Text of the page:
No. 7925934. Sgt. Greenwood, R.T.
9th Battn. R.T.R.


Thursday evening.

Jess, my darling, I have had another inoculation today… this time for Typhus. I was scheduled to be re-vaccinated last Tuesday, (it is a four-yearly business in the army) but I refused to have it done owing to my impending leave… And that brings me to the subject. There has been a little complication in the squadron as a result of which I may depart a day or two earlier. Therefore, Jess, I want you to be prepared to see me any time after the eleventh. I will probably be home later… say the 13th or 14th… but I feel I ought to warn you of this further possibility. And that is all I have to say about leave at the moment.

Did I tell you that I recently saw the first bath since leaving England-? We harboured in the outskirts of Liège for a night, and I found a billet in what appeared to be a normal ‘working class’ house. But it turned out to be a little palace inside, with a beautiful kitchen, lounge, easy chairs, central heating… and a real bathroom complete with bath, wash-bowl, W.C. etc. I was really amazed when I saw it, and can honestly say it is the first genuine bath I have come across since leaving England. You may think that all my former billets must have been awful slums not to have baths, but this is not so. I have lived in some decent and fairly modern homes, such as Mr. Cornelese, but never before have I seen a bathroom, let alone a bath. This has often puzzled me… especially in Holland where the people are usually so clean and up-to-date.

There is something else I have been longing to see since leaving England… but have now given up hope… I refer to a decent ‘open’ fireplace: one at which you can sit and feel warm and appreciate the friendliness of the dancing flames. There are no such things over here:- only the totally enclosed ‘kachels’ (ugly things), or totally enclosed fireplaces with mica windows in front: I believe we call the latter anthracite stoves: the army has a different name for them, but we won’t discuss that-! Perhaps you can imagine how we have longed for the sight of a decent fire during the recent bitter weather… Anyhow, I will be able to see one soon… made all the nicer by the presence of the dearest little lady in the world… Oh… about the bath. I couldn’t resist the temptation of sampling it, and my hostess very kindly gave me permission to use it. I think it was the first time I had actually been submerged in hot water since I was last at home. The army showers are alright, but not nearly so satisfying as a decent bath.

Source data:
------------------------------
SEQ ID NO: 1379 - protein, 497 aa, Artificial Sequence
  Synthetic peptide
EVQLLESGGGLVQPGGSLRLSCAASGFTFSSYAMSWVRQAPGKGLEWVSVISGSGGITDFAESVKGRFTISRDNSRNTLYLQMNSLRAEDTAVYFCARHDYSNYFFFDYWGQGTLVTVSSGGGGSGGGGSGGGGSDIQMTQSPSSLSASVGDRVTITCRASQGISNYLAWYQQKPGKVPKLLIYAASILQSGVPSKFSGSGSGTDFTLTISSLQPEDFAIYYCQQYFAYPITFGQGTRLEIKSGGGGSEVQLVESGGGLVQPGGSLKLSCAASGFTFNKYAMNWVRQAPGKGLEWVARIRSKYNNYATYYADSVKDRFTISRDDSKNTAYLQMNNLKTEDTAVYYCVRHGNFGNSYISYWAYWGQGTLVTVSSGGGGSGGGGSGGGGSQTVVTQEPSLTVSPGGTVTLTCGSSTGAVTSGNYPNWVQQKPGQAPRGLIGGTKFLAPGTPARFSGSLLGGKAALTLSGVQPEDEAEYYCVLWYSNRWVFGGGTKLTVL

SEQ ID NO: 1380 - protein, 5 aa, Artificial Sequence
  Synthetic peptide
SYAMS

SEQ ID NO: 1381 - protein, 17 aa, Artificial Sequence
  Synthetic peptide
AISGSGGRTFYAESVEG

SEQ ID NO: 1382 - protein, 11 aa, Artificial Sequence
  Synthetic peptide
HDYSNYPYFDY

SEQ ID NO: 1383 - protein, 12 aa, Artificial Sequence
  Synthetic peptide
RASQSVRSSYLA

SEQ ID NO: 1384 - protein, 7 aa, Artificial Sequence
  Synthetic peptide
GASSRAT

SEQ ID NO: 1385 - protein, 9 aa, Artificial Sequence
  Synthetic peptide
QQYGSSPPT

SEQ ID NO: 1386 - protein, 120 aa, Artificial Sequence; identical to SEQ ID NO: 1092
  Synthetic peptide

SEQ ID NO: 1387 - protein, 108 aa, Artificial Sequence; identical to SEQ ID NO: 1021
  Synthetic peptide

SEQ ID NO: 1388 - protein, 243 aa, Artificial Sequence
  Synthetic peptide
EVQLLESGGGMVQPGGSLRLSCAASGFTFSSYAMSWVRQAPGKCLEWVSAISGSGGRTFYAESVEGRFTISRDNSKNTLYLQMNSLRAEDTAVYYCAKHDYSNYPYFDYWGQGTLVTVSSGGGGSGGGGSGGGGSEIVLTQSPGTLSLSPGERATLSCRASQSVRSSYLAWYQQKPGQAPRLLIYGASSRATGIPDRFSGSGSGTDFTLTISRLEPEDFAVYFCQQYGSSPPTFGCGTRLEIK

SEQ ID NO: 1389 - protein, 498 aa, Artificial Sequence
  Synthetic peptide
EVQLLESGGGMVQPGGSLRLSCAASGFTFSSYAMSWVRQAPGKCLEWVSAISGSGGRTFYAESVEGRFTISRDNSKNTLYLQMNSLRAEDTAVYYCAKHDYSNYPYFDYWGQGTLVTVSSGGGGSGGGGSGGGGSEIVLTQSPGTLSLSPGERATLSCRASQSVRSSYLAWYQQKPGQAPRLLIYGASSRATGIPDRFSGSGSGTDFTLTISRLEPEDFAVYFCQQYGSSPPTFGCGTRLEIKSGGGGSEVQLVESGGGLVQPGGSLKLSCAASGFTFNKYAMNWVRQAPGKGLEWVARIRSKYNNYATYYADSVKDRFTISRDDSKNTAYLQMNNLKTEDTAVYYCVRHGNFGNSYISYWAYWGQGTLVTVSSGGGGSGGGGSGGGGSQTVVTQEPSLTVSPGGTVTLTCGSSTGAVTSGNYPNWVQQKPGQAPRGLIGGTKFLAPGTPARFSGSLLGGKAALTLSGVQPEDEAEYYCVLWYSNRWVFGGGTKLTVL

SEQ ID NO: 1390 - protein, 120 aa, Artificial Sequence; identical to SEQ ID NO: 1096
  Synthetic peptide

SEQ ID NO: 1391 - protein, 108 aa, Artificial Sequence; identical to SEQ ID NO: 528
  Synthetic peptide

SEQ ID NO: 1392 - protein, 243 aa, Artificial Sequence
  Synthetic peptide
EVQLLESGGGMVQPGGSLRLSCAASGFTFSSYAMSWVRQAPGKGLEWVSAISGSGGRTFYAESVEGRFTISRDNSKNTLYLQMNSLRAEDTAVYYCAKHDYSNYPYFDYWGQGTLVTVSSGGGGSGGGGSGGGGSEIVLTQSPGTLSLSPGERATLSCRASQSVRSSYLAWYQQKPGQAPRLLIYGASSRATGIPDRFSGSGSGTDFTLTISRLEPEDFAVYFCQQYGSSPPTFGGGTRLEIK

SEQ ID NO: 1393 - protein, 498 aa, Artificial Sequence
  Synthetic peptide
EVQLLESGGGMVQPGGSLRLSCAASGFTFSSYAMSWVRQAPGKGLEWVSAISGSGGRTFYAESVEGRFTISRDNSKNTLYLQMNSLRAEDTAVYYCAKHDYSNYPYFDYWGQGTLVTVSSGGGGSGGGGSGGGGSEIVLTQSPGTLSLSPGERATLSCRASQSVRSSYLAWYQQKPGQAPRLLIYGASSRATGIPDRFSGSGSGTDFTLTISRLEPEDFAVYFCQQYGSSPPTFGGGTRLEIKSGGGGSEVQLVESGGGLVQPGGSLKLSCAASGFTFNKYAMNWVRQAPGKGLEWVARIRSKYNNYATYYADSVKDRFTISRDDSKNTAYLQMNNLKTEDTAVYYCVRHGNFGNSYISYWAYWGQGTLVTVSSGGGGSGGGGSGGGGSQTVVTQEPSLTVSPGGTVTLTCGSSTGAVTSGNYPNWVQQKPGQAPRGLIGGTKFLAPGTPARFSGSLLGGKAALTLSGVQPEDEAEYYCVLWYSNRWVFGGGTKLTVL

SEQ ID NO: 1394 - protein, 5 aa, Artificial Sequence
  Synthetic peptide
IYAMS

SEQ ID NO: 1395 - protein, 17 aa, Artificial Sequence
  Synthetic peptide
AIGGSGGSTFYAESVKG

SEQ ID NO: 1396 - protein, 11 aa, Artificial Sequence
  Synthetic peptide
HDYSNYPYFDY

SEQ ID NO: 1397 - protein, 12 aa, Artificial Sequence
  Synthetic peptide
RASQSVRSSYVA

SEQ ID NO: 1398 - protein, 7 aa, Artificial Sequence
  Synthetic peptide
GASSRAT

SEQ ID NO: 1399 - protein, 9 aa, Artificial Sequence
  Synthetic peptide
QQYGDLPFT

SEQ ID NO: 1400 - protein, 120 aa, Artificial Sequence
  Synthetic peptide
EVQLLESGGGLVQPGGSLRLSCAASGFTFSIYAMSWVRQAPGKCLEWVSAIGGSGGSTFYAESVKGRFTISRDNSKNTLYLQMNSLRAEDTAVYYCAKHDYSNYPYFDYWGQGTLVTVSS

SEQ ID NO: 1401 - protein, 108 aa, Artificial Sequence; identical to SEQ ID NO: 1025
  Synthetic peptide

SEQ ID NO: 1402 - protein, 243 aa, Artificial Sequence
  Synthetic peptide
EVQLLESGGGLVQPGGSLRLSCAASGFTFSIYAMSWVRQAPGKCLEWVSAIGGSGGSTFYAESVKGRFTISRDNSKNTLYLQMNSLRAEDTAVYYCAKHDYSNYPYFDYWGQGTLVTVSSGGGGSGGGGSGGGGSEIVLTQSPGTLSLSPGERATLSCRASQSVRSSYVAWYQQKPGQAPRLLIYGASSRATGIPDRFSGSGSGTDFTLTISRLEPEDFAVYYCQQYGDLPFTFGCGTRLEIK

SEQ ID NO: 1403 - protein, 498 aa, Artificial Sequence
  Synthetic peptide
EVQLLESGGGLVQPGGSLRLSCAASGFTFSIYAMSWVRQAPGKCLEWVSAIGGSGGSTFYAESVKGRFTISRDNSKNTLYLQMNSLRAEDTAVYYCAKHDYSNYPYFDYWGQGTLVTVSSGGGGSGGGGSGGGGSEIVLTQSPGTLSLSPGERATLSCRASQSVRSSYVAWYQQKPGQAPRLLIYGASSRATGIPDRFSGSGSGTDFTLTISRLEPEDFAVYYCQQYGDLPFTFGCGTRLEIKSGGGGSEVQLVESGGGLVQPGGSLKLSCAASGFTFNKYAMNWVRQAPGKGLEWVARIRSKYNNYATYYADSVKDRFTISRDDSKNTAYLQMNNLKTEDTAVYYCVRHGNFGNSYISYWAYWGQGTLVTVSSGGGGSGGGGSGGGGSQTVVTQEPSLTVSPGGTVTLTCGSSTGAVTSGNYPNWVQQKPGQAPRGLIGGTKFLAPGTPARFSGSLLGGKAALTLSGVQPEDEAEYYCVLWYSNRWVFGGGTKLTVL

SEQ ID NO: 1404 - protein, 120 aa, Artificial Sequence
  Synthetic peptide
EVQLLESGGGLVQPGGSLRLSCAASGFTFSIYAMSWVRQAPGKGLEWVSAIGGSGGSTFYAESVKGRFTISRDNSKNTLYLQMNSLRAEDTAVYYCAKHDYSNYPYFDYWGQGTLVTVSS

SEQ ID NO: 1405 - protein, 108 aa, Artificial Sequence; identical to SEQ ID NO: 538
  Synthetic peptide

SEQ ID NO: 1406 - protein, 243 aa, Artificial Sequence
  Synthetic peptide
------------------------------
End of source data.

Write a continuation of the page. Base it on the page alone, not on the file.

Jess… it is obvious from your last two letters that you have been having a hell of a time with the weather… Frozen pipes, carting water, Barrys’s teeth, sleepless nights… Yes, I can well believe that it is cold at 3 and 5 in the morning. It does seem strange that our water supply should have frozen up in spite of your precautions. You have putrid luck with all our domestic appliances… goodness knows why, but I know it is not your fault. Perhaps I will be able to do one or two little repairs for you when I come home. The back door for instance: I will certainly put an end to that projecting grub-screw which has bothered you so much. Likewise the hot-water tap:- as one of your irritants, its days are numbered. And that scullery window… we’ll soon stop its awkwardness. There must be many other jobs to be done, Jessie Mine… please make a list so that they will not be forgotten.

There is one thing I will not be able to do, however… and that is the dining room fireplace. The crack in the back-plate is a builder’s job and I could not tackle it in the time. But perhaps we can have another try with the builder, or whoever you have seen about it. If only I were at home for good, darling… In view of your recent remarks about Barry, I am not expecting to find the usual good-tempered little fellow you have so often spoken about. I am, in fact, already prepared for a few disturbed nights… I am almost looking forward to them:- it will be such a treat for me to get up and attend to him, and so relieve you of a minute part of your worry. But I will first of all have to have a ‘course’ on baby maintenance: you will be my instructor… yes?

I have just remembered another little detail about my homeward journey. I have learned today that the priority telegrams which we are allowed to send on disembarkation must not exceed three words, including the sender’s name. This is lousy, isn’t it. Anyhow, it is better than nothing. I know it won’t matter to you if I have to omit my name… I don’t think there is anything else I can tell you on this subject… apart from confessing that I already feel queer every time I think of our meeting. It is one of those lovely-horrible feelings: my tummy seems to do a complete somersault, and then my heart races like an engine… I think I must be in love-!

Jess… can you realise how I have lived for this leave?.. what it means to me?.. the prospect of seeing you again… of being near you… the feel of your hands… your lips: to hear your dear voice… to look into your eyes… The exquisite joy of just being with the one person who is my love… These thoughts take away my breath: after so much yearning, it seems incredible that I am at last to be granted that for which I have so long waited. But I am going to see you darling… I really am… Can you wonder that my mind has become a little confused with excitement-?

Good night my Jess, my love


Your Trevy.